The screaming skull of Burton Agnes Hall
Posted on Wednesday, 2 April, 2014 | 2 comments
Columnist: Ritoban Mukherjee
If you are a resident of England you may have been to, or at least heard of, the famed Burton Agnes Hall, an Elizabethan manor house that dominates the village of Burton Agnes near Driffield in East Yorkshire. But what you may not have known is the fact that trapped somewhere behind the walls of this historic building is said to be a possessed human skull along with the ghost of a headless woman known as Owed Nance.
During the period 1601-1610, old Sir Henry Griffith financed the construction of a splendid manor house in the East Riding of Yorkshire in the village of Burton Agnes. Sir Henry had three daughters, the youngest of whom was named Anne Griffith. Initially, Anne would take strolls around the manor during its construction, enthusiastically watching the gorgeous Elizabethan building take shape and slowly growing obsessed with it.
One day however she was attacked by some thieves in a nearby park who hit her on the head with a stick prior to fleeing. A few villagers found her and left her in her sisters' care who immediately took to her nursing. Knowing that her end was near, she made one last wish:
she said, "never shall I sleep peacefully in my grave in the churchyard unless I, or a part of me at least, remain here in our beautiful home as long as it lasts. Promise me this, dear sisters, that when I am dead my head shall be taken from my body and preserved within these walls. Here let it forever remain, and on no account be removed. And understand and make it known to those who in future shall become possessors of the house, that if they disobey this, my last injunction, my spirit shall, if so able and so permitted, make such a disturbance within its walls so as to render it uninhabitable for others so long as my head is divorced from its homo."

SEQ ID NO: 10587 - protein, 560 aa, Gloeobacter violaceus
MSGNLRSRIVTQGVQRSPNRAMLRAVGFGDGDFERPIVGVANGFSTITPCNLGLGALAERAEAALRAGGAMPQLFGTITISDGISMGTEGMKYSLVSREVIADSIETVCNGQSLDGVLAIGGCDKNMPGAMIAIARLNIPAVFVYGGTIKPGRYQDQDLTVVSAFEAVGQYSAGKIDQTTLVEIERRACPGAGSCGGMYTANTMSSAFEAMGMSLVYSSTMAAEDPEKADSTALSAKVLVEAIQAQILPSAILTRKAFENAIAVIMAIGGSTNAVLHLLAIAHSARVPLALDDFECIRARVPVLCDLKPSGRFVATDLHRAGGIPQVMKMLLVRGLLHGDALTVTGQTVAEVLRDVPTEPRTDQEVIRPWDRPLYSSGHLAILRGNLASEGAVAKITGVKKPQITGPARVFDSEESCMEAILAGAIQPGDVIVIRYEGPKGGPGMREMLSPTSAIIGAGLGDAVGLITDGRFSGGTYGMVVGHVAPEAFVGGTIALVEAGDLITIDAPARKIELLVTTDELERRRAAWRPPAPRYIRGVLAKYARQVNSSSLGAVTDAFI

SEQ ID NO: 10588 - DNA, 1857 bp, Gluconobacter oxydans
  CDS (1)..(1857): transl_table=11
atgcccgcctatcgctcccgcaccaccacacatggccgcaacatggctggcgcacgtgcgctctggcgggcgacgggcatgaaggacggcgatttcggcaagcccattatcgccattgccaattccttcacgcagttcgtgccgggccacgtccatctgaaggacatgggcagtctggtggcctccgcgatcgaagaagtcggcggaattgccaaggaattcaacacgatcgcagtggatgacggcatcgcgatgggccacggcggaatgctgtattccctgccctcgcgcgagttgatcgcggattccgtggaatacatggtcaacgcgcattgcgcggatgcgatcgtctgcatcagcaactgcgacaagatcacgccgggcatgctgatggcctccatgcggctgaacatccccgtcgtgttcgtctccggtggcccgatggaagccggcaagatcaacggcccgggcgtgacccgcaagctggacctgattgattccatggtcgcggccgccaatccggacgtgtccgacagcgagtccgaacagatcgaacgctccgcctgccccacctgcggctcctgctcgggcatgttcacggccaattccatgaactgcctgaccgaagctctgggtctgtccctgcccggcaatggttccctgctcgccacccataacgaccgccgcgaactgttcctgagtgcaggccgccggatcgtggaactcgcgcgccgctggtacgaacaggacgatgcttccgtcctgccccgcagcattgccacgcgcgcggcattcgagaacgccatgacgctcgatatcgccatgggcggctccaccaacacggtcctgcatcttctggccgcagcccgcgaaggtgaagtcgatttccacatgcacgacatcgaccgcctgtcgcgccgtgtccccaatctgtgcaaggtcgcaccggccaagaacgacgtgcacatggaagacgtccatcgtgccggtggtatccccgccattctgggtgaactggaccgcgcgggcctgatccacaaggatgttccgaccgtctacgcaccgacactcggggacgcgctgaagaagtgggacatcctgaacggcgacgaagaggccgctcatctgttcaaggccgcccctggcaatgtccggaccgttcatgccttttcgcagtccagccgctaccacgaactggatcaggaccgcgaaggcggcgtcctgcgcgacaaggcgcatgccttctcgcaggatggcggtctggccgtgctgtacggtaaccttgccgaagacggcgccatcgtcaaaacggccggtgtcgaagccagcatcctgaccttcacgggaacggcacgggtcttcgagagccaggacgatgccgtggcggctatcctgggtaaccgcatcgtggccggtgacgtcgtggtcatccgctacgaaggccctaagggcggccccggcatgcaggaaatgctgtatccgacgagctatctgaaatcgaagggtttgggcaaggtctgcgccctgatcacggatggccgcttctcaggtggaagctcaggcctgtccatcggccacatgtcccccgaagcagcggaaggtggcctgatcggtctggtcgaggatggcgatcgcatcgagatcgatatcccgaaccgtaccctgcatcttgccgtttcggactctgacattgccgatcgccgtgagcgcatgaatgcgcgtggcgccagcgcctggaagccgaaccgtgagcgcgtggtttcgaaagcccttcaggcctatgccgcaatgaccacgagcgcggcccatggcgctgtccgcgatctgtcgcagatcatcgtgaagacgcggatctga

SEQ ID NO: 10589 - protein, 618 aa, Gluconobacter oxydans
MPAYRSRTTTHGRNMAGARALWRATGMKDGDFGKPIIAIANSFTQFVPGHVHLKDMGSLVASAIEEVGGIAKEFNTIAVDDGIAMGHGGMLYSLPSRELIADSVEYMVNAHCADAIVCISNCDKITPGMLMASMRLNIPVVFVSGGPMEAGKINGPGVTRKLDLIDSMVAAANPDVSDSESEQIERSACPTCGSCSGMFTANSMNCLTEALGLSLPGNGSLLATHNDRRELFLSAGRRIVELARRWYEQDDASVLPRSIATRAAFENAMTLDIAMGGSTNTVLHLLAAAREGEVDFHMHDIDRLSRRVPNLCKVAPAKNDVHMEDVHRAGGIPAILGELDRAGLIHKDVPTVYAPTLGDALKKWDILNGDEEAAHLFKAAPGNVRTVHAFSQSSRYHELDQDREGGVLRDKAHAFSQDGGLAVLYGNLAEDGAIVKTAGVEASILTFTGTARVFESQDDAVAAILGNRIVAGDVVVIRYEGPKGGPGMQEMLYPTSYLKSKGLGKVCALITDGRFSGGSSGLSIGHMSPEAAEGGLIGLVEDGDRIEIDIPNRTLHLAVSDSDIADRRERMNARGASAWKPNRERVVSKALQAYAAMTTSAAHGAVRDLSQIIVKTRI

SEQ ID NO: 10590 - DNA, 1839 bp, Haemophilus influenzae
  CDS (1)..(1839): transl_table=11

Her sisters agreed to her final yearn.
The Request is Denied
Anne succumbed, but her sisters failed to keep the promise made to her. Finding it impossible to mutilate the corpse of their beloved sister, they had her buried at the Burton Agnes church. Soon after, the manor of Burton Agnes was haunted by "strange moaning and weird sounds". The servants refused to work any longer. Plagued by the hauntings, the two sisters decided to dig up Anne's corpse and abide by her dying request. As they unearthed the body, they were surprised to find the skull already disinterred and rendered devoid of flesh. The already perturbed ladies had the skull placed back inside the hall and peace was restored.
Deadly Decisions, Hauntings Relapse
One day a skeptical maid servant wrapped the skull in a piece of cloth and threw it onto a passing wagon carrying manure. Eerily, the horses trembled and found themselves unable to move the wagon even an inch. The wagon stood still until the maiden admitted her misdeed and restored the skull.
Again during a later period, when another occupant of the Burton Agnes Hall and a relative of Sir Henry Somerville Boynton buried the skull in the yard, wails and cries resumed and they were forced to restore the skull again.
It is believed that at some point in time an occupant of the manor had the skull bricked up in a wall so that it may never again be removed. Although the current location of the skull is unknown, it is believed to reside hidden somewhere behind the very walls of the manor.
In one of the many rooms of the haunted house stays a portrait of Anne Griffith and strange occurrences are reported in its vicinity. On one instance a certain John Biltons had been attempting to spend a night at the Hall when his candle was suddenly blown out as he was trying to observe the portrait. He was unable to light it again despite repeated attempts. The same night, he was met with weird and violent noises that convinced him that the house was haunted. Many witnesses have also reported seeing the specter of a headless woman haunting the building's halls.
The legend of the Screaming Skull isn't unique to the Burton Agnes Hall either - similar reports have surfaced from Bettiscombe Manor in Dorset, Wardley Hall in Greater Manchester, Warbleton Priory in East Sussex and others. Is this just a legend spread wild, or could there be some truth beneath it?
We may never know for sure.Article Copyright© Ritoban Mukherjee - reproduced with permission.
My name is Ritoban Mukherjee. The paranormal and morbid are my hobbies. I am a student and the author of a spooktacular paranormal and occult blog named All About Occult. Do visit my blog for bloodcurdling articles on morbid mysteries, dark religions, urban legends, aliens, afterlife, haunted locations and parapsychology.